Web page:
CHILDREN ASK DAD: WHERE MUMMY?
By Azard Ali and STACY MOORE Tuesday, September 3 2013
A South driver has been charged for driving under the influence of alcohol in the road death of a mother of four at Palmyra Village, San Fernando on Independence night.
The 44-year-old man is due to appear before a San Fernando magistrate today for the offence after failing a breathalyser test administered to him by officers of the San Fernando Police Station. He surrendered to police after knocking down Denyse Joseph, 39, who was carrying her four-year-old daughter Abigail, as she was walking to a relative’s home at Palmyra Link Road, at about 7 pm last Saturday.
Joseph died on the spot, and Abigail miraculously suffered minor injuries after landing several feet away after the man, driving a yellow Nissan Laurel car, struck them.
Although the man has been charged with driving under the influence, he has not been charged for causing the death of the young mother by dangerous driving.
The police are awaiting instructions from the Director of Public Prosecutions on if to charge the man for causing the woman’s death.
Joseph’s children yesterday struggled to understand that she has died and continue to ask their father, Richard, this question: “When is mummy coming home?”
Richard, 43, told Newsday he is trying to comfort his children by telling them, “Mummy gone to heaven”.
Sadly, his two older daughters, Ana, six, and Charissa, nine, still believe their mother will return to their home at Gangaram Road, New Grant, Princes Town.
“I try and try to explain to them that mummy died and she is now in heaven, but right after I tell them, they would cry, then after they would ask the same question again, ‘When mummy coming home, Daddy?’ I don’t know what else to say,” Richard wept as he spoke to Newsday yesterday.
He and his wife of 15 years also have a son Jason, 13, as well as Abigail, who remains warded under observation at the San Fernando General Hospital. Their older children, who were also with Joseph on the night she died, had already safely entered their relative’s home when the accident occurred.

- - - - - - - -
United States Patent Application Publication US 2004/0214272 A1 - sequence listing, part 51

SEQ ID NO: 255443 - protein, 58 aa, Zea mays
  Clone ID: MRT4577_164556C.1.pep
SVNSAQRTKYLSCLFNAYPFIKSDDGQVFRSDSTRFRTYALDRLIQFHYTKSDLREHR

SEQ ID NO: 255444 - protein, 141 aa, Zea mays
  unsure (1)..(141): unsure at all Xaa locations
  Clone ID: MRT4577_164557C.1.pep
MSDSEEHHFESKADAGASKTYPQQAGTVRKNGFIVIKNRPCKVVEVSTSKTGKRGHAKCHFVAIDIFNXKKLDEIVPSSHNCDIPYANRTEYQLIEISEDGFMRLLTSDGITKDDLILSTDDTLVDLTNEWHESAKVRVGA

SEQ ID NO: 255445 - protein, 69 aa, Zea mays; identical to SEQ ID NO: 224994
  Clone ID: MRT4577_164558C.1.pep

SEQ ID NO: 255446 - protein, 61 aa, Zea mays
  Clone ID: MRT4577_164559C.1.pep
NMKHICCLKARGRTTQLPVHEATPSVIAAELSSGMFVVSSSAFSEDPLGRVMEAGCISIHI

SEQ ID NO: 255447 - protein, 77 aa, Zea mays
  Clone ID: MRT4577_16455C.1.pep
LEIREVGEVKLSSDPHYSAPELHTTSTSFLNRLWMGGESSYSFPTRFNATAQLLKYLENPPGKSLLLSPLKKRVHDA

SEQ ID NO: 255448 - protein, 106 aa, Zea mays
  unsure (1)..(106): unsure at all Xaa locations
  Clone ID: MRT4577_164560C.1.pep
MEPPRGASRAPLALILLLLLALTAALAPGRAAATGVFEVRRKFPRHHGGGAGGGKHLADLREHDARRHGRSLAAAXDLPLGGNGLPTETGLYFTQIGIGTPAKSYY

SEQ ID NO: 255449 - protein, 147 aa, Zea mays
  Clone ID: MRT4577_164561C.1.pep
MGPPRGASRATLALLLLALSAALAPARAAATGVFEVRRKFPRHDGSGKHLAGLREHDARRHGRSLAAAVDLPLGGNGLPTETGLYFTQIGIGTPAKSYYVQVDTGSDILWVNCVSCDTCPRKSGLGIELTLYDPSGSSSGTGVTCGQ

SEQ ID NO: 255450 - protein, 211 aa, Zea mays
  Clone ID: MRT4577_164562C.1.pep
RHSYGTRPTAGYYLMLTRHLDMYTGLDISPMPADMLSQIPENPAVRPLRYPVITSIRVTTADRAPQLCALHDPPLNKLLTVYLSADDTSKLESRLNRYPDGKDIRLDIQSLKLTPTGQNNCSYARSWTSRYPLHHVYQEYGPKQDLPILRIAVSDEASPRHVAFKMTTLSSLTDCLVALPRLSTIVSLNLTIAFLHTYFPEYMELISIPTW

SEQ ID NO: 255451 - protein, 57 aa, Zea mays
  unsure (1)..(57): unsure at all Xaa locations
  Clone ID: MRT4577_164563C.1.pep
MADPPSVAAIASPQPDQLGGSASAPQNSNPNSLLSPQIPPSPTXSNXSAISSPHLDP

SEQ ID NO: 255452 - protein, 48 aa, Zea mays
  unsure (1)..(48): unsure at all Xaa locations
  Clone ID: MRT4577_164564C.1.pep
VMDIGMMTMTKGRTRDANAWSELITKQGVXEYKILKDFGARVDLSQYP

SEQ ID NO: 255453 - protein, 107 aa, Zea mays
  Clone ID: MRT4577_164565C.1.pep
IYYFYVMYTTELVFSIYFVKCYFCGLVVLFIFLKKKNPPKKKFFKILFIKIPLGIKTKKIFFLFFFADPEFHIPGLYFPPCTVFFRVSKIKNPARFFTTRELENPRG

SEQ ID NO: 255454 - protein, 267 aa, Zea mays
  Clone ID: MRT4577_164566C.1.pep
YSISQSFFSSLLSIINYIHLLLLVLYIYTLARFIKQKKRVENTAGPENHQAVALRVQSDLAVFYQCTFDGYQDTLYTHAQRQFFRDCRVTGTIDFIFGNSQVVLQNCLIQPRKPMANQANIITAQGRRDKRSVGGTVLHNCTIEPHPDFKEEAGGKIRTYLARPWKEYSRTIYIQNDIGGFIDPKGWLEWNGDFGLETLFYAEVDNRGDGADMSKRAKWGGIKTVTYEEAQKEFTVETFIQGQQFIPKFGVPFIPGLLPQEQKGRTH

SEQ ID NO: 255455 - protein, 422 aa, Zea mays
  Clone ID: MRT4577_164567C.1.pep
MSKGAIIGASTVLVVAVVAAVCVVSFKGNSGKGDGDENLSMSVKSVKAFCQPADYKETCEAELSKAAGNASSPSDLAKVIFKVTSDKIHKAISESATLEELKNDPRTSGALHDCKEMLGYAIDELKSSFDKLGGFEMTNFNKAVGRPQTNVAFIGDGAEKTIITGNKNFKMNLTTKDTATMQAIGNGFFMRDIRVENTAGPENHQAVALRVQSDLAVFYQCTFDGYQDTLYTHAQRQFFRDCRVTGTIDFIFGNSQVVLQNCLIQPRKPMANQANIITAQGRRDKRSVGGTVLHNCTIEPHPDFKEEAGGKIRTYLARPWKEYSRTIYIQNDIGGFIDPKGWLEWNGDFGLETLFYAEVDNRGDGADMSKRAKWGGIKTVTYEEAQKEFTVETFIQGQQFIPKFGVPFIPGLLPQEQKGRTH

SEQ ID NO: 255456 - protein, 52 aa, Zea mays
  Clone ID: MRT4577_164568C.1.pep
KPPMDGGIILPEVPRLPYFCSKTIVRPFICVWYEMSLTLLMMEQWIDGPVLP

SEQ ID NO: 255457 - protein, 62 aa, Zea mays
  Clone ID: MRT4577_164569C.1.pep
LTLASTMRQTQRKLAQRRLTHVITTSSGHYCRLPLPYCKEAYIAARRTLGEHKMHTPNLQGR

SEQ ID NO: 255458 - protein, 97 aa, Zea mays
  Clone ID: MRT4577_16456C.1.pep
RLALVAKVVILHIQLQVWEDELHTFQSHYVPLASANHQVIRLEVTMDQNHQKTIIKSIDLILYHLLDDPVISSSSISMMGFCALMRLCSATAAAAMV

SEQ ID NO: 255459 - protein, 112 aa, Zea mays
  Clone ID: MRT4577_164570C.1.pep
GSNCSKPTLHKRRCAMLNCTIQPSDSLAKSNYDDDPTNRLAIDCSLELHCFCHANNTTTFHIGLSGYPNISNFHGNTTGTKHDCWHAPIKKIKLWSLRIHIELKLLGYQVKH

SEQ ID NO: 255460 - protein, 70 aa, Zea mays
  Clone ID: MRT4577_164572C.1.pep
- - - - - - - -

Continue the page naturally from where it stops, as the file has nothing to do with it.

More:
Abigail, who sustained bruises about her body, including her hands and knees, would have started preschool yesterday while her sisters Ana and Charissa were due to attend classes at Torrib Trace Primary School. Jason is a student of Cowen Hamilton Secondary School.
When Newsday visited the ward yesterday, Richard was holding Abigail on his lap feeding her grapes. He said Abigail was eating but her appetite had not fully returned.
Abigail has started speaking, he said.
“But she too has asked questions. Yesterday (Sunday) while her aunt, Shivanne, was here at the hospital with her, she kept asking for her mother,” Richard said. He said he did not know what Abigail’s aunt said but was sure she gave the little girl an appropriate reply.
“She (Abigail) does not say much but her words have increased which is an improvement,” Richard said. He said he read a book to his daughter and she responded asking him questions about the story.
“I took her for a walk outside the ward and from there we could see the sky and she was counting birds. It was nice to see her happy and smiling,” Richard said. Abigail was expected to be discharged late yesterday evening. Richard said his son, Jason, is trying to keep his routine normal but worries the boy is in denial about his mother’s death. Yesterday, Jason, a Form Two student, woke up early, and got dressed for school.
“Usually his mother would be the one to wake him up. But yesterday he set the alarm clock and woke up, I even awoke with the alarm clock and he got dressed and went to school,” Richard said. An autopsy performed by pathologist Dr Hughvon Des Vignes at the Forensic Science Centre, St James yesterday revealed Joseph died from blunt cranial cerebral trauma.
Joseph is to be laid to rest tomorrow following a funeral service at the Mt Elvin Baptist Church in New Grant. Cpl Jagdeo of the Ste Madeline Police Station is continuing investigations.